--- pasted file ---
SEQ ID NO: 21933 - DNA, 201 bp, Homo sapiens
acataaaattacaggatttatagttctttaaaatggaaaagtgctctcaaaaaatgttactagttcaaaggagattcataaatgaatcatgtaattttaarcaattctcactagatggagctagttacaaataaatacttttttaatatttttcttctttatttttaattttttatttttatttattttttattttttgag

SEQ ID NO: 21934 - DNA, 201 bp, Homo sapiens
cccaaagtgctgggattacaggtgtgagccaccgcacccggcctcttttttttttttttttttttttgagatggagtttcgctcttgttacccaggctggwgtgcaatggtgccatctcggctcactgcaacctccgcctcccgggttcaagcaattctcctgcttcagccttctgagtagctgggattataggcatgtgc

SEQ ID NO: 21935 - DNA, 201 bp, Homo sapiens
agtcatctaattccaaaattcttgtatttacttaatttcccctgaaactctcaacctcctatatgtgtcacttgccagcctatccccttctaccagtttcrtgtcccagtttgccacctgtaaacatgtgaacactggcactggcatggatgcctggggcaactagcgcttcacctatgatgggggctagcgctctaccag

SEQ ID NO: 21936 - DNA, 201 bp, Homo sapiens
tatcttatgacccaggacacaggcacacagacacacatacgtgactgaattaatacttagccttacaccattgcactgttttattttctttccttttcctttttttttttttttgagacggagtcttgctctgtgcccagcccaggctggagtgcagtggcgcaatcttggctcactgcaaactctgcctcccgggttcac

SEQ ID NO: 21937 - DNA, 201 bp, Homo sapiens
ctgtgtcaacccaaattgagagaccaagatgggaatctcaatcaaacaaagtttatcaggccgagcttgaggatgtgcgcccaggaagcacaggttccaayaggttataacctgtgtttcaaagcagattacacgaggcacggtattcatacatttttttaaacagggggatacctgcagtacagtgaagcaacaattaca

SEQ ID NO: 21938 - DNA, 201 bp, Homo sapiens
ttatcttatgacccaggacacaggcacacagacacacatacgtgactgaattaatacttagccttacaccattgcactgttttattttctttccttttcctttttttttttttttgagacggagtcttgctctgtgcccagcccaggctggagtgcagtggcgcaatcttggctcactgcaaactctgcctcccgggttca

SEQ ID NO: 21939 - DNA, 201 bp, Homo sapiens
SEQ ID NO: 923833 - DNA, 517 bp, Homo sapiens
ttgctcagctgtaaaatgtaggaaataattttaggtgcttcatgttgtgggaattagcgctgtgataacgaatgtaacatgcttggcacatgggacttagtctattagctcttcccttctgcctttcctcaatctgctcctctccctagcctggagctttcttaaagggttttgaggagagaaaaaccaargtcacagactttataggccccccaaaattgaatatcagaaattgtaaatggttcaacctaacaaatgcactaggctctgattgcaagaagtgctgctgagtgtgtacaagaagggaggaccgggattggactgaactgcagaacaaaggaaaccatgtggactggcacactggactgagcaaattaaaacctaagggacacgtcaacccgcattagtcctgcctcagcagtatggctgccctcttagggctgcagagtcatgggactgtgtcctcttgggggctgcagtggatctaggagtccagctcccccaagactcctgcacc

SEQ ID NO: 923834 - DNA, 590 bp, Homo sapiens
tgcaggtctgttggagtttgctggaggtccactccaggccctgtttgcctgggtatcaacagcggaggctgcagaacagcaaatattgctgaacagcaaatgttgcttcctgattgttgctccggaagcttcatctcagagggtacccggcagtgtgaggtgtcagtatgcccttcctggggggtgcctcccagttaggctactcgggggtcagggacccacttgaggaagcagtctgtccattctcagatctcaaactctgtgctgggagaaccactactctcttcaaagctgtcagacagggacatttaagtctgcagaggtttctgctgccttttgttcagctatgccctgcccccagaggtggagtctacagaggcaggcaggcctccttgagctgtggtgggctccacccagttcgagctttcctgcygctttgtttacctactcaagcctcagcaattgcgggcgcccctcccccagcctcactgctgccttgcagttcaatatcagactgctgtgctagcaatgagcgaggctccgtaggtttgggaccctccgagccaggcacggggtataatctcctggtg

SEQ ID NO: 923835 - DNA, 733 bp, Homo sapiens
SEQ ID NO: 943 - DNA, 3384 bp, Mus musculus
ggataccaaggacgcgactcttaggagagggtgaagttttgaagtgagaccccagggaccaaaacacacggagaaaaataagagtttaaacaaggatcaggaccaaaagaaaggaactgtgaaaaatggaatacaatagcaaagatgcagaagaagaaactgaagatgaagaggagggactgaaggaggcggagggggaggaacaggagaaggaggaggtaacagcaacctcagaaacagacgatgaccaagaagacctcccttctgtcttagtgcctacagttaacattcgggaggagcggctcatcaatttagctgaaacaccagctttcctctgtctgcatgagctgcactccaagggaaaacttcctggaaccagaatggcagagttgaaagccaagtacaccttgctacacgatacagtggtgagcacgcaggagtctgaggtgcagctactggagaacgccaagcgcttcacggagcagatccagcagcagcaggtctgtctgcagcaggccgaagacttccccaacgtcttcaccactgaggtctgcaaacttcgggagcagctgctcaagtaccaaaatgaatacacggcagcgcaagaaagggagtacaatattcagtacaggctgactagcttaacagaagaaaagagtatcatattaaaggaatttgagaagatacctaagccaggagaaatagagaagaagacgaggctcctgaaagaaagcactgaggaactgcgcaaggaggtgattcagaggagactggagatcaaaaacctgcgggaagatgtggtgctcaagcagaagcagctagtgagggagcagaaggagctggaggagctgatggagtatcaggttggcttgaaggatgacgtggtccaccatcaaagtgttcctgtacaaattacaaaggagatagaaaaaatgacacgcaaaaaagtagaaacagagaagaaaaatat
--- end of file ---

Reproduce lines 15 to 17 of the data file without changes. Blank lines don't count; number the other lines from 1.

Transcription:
ttgctcagctgtaaaatgtaggaaataattttaggtgcttcatgttgtgggaattagcgctgtgataacgaatgtaacatgcttggcacatgggacttagtctattagctcttcccttctgcctttcctcaatctgctcctctccctagcctggagctttcttaaagggttttgaggagagaaaaaccaargtcacagactttataggccccccaaaattgaatatcagaaattgtaaatggttcaacctaacaaatgcactaggctctgattgcaagaagtgctgctgagtgtgtacaagaagggaggaccgggattggactgaactgcagaacaaaggaaaccatgtggactggcacactggactgagcaaattaaaacctaagggacacgtcaacccgcattagtcctgcctcagcagtatggctgccctcttagggctgcagagtcatgggactgtgtcctcttgggggctgcagtggatctaggagtccagctcccccaagactcctgcacc

SEQ ID NO: 923834 - DNA, 590 bp, Homo sapiens
tgcaggtctgttggagtttgctggaggtccactccaggccctgtttgcctgggtatcaacagcggaggctgcagaacagcaaatattgctgaacagcaaatgttgcttcctgattgttgctccggaagcttcatctcagagggtacccggcagtgtgaggtgtcagtatgcccttcctggggggtgcctcccagttaggctactcgggggtcagggacccacttgaggaagcagtctgtccattctcagatctcaaactctgtgctgggagaaccactactctcttcaaagctgtcagacagggacatttaagtctgcagaggtttctgctgccttttgttcagctatgccctgcccccagaggtggagtctacagaggcaggcaggcctccttgagctgtggtgggctccacccagttcgagctttcctgcygctttgtttacctactcaagcctcagcaattgcgggcgcccctcccccagcctcactgctgccttgcagttcaatatcagactgctgtgctagcaatgagcgaggctccgtaggtttgggaccctccgagccaggcacggggtataatctcctggtg